Softwood Lumber Deal Should Be Priority for Government
Prince George, B.C.- While the talks are underway for a new softwood lumber agreement, former Minister of Forests for B.C., Pat Bell, says there are some different things in play this time round.“First of all there is a standstill period now for a year, where no litigation can be brought forth. Canada is free to ship lumber on an unrestricted basis into the U.S. so that puts us in a position of strength for the next year or so” says Bell.
Another significant difference is what Bell calls a ” time of transition ” as the amount of timber available for the sawmills in B.C. has been reduced. “There’s a lot more southern yellow pine that is mature now and available to the market than there was ten years ago when this was last negotiated, so log prices in the U.S. are considerably lower and log prices in Canada are going higher, so there are a number of fundamental shifts.”
Then there’s the fact Canfor, West Fraser and Interfor have all purchased mill properties in the United States “In some cases they own more sawmills in the U.S. than the do in Canada” says Bell.
Bell says he is concerned that the softwood lumber agreement has not been mentioned as an issue in the federal election and has not been mentioned as part of the Trans Pacific Partnership “There is nothing mentioned to provide relief to the softwood lumber industry in terms of reduced options for the American softwood industry to litigate.” Federal Minister of International Trade, Ed Fast told 250News the softwood lumber agreement with the US stands alone but trade barriers for softwood lumber to the Asia Pacific have been eased under the TPP.
Following the crash of the U.S. housing market, B.C. worked hard to boost its softwood shipments to Asia. It was hoped that when the softwood lumber agreement with the States expired, Canada would be in a much stronger position with decreased reliance on its exports to the U.S. “Last time , when we went into the softwood lumber agreement 1 or 2% of our total lumber exports were going to China” says Bell “today it’s still about 25% despite the fact the Chinese market has gone through a bit of a downturn. I expect it will be much tougher for the Americans to try and prove that Canada is a subsidized industry, but that doesn’t really matter because they can simply launch an action and that immediately brings tariffs to bear, so we’re guilty until proven innocent under American Trade laws and that’s a real problem.”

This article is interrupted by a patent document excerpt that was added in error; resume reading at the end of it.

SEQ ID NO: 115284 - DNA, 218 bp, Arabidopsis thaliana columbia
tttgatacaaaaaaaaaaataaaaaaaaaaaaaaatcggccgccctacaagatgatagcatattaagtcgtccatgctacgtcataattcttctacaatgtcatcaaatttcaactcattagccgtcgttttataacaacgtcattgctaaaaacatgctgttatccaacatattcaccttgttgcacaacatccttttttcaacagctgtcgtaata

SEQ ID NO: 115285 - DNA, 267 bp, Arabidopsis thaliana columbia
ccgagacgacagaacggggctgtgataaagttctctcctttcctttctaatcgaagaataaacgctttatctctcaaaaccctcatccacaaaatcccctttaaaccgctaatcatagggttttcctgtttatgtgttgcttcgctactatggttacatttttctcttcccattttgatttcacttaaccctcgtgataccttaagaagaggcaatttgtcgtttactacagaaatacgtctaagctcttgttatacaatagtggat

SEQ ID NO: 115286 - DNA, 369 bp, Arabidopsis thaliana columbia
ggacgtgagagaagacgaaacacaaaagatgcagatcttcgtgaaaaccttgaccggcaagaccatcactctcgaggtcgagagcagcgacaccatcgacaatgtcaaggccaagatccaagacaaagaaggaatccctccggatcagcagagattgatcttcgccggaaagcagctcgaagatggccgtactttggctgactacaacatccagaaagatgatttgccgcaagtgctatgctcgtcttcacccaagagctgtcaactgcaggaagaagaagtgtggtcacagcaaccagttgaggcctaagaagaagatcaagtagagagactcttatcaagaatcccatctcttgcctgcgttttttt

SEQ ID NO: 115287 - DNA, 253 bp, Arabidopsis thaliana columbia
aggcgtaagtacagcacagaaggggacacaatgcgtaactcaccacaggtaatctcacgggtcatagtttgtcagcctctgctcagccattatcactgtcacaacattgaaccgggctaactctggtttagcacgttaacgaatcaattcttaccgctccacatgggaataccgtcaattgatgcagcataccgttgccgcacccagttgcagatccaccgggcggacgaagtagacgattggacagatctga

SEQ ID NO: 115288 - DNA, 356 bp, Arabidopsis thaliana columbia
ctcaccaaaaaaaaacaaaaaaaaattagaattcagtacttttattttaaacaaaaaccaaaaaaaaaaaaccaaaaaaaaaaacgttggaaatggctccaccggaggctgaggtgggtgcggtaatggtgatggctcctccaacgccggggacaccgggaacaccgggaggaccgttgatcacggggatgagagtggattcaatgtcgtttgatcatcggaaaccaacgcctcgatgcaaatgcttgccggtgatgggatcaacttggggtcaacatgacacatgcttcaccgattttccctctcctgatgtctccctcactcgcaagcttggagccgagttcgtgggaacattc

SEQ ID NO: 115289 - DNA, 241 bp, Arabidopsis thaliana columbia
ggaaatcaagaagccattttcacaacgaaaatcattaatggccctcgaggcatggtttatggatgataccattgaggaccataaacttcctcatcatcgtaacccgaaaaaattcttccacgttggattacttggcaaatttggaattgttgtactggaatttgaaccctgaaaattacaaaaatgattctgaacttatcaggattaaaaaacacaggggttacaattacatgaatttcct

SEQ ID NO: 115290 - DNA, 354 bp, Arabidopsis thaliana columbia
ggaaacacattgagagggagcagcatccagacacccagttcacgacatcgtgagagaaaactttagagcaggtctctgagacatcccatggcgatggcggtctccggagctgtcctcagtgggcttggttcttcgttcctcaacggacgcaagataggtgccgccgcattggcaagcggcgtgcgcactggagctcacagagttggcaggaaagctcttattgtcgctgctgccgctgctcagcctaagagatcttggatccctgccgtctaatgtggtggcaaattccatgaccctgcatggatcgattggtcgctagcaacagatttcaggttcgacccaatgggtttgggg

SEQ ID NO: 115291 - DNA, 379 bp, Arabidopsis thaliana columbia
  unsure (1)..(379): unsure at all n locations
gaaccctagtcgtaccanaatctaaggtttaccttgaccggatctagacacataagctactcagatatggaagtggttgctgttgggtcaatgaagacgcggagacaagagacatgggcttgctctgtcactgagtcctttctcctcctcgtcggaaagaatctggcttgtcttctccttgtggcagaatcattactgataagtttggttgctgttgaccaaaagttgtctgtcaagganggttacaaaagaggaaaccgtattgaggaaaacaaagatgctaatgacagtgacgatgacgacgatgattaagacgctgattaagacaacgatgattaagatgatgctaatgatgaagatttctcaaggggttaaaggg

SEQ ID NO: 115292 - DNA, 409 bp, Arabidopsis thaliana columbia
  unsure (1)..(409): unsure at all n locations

Bell, who also served as a Vice President for Conifex, says there are a few key things that can work in Canada’s favour in this round of negotiations “First, we have the one year standstill period, so the Americans are facing unrestricted flow of lumber for the next 12 months. So once the federal election is resolved, whoever becomes the next Prime Minister, if it goes to the top of their agenda, I think they have 3 to five months to negotiate a new deal in a position of strength. You might be lucky to get Obama’s attention during that time. So I think there is a possibility we could get a deal as soon as the federal election is over if it becomes a top priority issue for the Prime Minister.”
But the Americans are also heading into an election period, (Presidential election is November 8th 2016) and getting Obama’s attention sooner than later is a must “I think if it’s delayed past four or five months, I think we’re into litigation a year from now for sure.” Bell adds It’s a big issue, “and if it’s not included in the TPP I think that’s very problematic for B.C, Quebec and Ontario.”
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